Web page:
Racking Hardwood Floors
For nail or staple down installations over a wood subfloor racking becomes time saving and gives one a better idea of the overall color and appearance of the installation. Racking is defined as laying out the floor before it is nailed or stapled. I've seen some professionals that would pull one piece at a time from boxes, put it into place and nail it home. This is very time consuming and you will not get a good color and length mix.
Allows For Good Color Mix
There's nothing worse than looking at a brand new installation with dark and light colored boards bunched across the floor. The same holds true with poor distribution of lengths as nearly all solid hardwoods are manufactured in random length. Racking will prevent bunching of smaller pieces in one area, providing one keeps an eye out for it. Generally we prefer to select from 2-3 bundles or boxes of hardwood as chances are good you may run into light and darker colored bundles.
Big Time Saver
Other benefits of racking if you run into an angled wall is precutting the angles, instead of making dozens of trips back to the cutting area. Racking also allows for final inspection of the flooring for finish quality and milling before the actual fastening. Sometimes you cannot see every flaw on the floor, but looking from a standing position is likely to provide a better view. Keep in mind, if any defective hardwood is installed, no manufacturer will consider it a claim, nor is it covered under warranty. It is the installers responsibility to perform final inspection.
Our second image above shows a prefinished Brazilian Cherry that has been racked out to fill an area up to the wall line. By using several boxes you not only get the color and grain variation, but the lengths are mixed accordingly. Avoid bunching smaller and larger pieces as well; they should be placed at random. End joints should be staggered as far apart as possible but six inches seems to be a preferred minimum among professional installers for products three inch wide and less. For wide plank floors the spacing should increase. End joints should not be repeated with subsequent rows.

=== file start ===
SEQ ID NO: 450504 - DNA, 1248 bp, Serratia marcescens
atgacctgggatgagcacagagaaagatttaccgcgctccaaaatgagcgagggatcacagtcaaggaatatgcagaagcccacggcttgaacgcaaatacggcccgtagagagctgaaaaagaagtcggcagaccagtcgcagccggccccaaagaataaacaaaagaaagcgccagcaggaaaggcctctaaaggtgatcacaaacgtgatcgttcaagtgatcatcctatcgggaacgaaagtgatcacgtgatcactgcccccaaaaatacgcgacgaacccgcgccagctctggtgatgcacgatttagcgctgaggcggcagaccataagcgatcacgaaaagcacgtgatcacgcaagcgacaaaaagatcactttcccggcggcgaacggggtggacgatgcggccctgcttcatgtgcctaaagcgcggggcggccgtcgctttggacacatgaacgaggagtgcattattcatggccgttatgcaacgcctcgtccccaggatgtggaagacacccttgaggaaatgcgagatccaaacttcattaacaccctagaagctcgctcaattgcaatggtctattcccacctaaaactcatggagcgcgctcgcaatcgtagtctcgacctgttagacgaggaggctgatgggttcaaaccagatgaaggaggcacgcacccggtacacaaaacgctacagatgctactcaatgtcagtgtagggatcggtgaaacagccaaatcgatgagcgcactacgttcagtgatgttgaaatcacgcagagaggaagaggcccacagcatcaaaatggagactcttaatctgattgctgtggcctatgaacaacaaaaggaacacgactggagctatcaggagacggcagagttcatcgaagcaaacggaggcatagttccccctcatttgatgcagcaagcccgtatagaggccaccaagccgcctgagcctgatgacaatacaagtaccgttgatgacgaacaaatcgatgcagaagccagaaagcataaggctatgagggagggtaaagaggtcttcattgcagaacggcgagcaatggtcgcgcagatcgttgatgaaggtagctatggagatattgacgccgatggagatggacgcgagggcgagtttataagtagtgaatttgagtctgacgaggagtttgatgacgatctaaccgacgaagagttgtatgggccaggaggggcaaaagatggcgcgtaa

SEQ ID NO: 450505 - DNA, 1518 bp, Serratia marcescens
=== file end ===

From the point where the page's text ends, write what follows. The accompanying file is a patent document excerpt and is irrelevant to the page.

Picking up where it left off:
For unfinished wood floors, attention to color mix should be more pronounced. While some pieces may look borderline in color, it's probably wise to toss them aside. Once any finish is applied they can really stand out.
Most hardwood installers prefer the use of #15 asphalt felt paper that is laid down on the subfloor prior to racking. Asphalt felt or standard roofing paper provides a few benefits with those being a moisture retarder and in some cases can suppress squeaks. It should be laid out parallel the installation and overlapped four inches on the seams. Racking should be done from the left to the right of the layout if your right handed, but can be reversed if starting from an irregular wall (makes for easier cuts).
Reverse Boards at Wall
When reaching the other end while racking it is not necessary to measure each board to fit. Simply reverse the board where the tongue and tongue are facing each other and loose lay it in that area. This is also good method to save on material by utilizing as much as possible.
View My One Minute Quickie Video
With the tongue against tongue method, make sure the end piece is butted to the stopping area (baseboard/drywall) and place a pencil mark where the cut will be. For solid material a good rule of thumb is to allow enough expansion equal to the thickness of the product. For smaller layouts, 3/4" expansion is not necessary, but wise to keep the habit of doing so.
Exception to Underlayment
In the case of wider plank being used in areas susceptible to high humidity and moisture, many professionals opt for the glue and nail/staple method of installation instead of using asphalt paper. Gluing with a quality subfloor adhesive or Bostiks Best will hinder cupping of wider material.